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Profile Information

Gender: Female
Hometown: Minnesota
Current location: up north
Member since: 2001
Number of posts: 28,685

About Me

If you've clicked on my profile to see what it says, here's what you should know: The older I get, the more radical I get -- and I've already gotten pretty damn old.

Journal Archives

I'll always vividly remember my first earthquake after I had moved to AK from nice, calm MN.

It didn't scare me so much as it just plain fascinated me. It was my first year in Alaska, I was living with my two boys in a rental house on the banks of Willow Creek. This would have been sometime in the fall of 1989, I think. (or else it was in the spring of 1990)

Anyway, it was night and the boys were in bed. I was watching the nightly local news on Channel 2, when all of a sudden the camera that was shooting the news anchors sort of tilted sideways, and the newsreaders stopped speaking and sort of gaped wide-eyed and open-mouthed as they clutched their shaking news desk - and in the same moment the couch I was sitting on started vibrating, and everything in the house started rattling. The weirdest thing of all is that all the walls looked like they had turned into liquid - honest to gawd, they were, like, rippling!

It all happened in the space of probably less than a minute, but it felt much longer than that, of course. I just sat there on my vibrating couch thinking, Wow! Far out! A real earthquake! Damn!

A few minutes later - after the walls had solidified once more and my couch stopped behaving like a rogue sex aid, I had a huge attack of guilt that I hadn't once thought of my precious sleeping children - nor lept into action to save us all from dire destruction and certain death from an earthquake bringing the house down around us. Nope, I had just passively sat there, taking it all in as exotic entertainment. I am a terrible mother, I thought.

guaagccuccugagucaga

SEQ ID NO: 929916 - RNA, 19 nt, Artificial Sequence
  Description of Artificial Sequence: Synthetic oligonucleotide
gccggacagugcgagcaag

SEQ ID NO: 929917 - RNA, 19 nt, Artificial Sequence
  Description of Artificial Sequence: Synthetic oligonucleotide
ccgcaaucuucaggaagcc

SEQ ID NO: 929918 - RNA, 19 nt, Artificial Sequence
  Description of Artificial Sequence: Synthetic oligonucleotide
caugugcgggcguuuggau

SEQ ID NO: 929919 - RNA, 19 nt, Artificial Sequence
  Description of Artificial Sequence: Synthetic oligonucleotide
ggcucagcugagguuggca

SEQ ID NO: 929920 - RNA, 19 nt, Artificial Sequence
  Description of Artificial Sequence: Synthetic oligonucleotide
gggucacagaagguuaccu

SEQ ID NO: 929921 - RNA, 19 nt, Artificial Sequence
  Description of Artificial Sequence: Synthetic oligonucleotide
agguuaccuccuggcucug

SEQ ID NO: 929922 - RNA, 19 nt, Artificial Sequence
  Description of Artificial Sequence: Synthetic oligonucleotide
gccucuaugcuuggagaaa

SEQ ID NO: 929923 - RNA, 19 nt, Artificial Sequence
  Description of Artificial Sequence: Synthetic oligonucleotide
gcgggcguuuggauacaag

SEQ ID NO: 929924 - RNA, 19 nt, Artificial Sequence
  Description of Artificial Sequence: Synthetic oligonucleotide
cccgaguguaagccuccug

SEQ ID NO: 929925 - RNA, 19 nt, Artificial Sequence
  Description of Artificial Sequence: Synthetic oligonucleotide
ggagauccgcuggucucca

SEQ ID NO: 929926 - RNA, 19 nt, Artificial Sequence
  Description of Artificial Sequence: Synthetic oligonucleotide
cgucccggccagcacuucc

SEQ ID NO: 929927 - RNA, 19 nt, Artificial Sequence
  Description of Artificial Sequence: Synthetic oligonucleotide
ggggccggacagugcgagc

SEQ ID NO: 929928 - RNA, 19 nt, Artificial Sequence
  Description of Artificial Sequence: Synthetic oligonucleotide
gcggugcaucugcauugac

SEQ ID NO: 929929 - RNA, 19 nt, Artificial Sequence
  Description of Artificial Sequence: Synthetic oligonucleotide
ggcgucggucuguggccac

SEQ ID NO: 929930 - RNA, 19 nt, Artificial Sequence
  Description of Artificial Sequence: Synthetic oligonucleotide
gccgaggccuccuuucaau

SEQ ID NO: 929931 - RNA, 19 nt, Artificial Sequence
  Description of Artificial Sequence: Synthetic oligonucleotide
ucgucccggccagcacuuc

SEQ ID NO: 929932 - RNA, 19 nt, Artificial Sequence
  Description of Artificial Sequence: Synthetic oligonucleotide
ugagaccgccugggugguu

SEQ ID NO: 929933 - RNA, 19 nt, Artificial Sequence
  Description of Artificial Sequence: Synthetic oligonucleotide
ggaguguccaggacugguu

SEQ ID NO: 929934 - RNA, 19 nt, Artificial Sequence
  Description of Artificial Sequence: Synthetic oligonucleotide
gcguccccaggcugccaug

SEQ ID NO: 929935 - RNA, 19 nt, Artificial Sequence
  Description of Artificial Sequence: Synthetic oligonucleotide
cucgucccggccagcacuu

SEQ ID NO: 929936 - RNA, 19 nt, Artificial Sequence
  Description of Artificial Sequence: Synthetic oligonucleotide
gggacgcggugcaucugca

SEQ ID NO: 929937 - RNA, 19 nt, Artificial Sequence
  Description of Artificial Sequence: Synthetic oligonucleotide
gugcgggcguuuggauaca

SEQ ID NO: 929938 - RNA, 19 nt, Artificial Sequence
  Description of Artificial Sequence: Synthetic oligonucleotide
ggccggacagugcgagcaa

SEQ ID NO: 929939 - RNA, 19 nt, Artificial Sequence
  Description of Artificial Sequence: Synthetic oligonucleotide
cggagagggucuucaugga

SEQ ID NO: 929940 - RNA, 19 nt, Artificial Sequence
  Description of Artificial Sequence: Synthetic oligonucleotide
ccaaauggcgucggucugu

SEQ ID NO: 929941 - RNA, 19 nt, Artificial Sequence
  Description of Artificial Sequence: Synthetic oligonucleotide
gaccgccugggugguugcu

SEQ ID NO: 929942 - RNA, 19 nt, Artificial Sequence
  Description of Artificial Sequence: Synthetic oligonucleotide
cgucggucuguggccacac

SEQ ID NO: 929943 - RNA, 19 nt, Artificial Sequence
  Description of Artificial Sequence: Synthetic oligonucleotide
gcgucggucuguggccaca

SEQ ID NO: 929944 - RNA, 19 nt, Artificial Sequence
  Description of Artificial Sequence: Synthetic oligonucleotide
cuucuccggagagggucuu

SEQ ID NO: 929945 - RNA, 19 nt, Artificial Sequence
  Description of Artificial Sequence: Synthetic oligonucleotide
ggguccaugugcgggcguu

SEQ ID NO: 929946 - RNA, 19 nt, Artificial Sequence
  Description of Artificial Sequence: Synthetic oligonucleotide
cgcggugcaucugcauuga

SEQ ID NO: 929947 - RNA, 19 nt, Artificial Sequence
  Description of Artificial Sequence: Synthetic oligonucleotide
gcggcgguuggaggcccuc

But the kids slept through it - although they were both irritated that they had missed the fun when I told them about it the next day.

For the rest of my 6 years in Alaska I only felt a few negligable temblors now and then - and half the time I wasn't sure if they were very small or very distant earthquakes, or if it was just a side effect of some of the Matanuska Thunderfuck I had just smoked.

For my 27th thousand post on DU.

I've been on DU since sometime in 2001 - I don't remember which month I joined. I know I began reading DU in the spring of 2001, and was a registered member by the time of the 9/11 attacks. My registration number is 106679, which means I was the 6,679th person to sign up on DU.

I doubt many people are familiar with my username these days, since I have never been a paricularly profligate poster, and these days I maybe post a comment in the main forums no more than 2 -3 times a week, and post an OP less than 3-4 times a year. But I've been here reading all along, through all these 13+ years. I've seen countless DUers that I knew from the early days drift away or get banned - and there are many of those who got banned whom I dearly miss even today. Not to mention those very precious DUers who shuffled off this mortal coil - to the grievous loss of us all.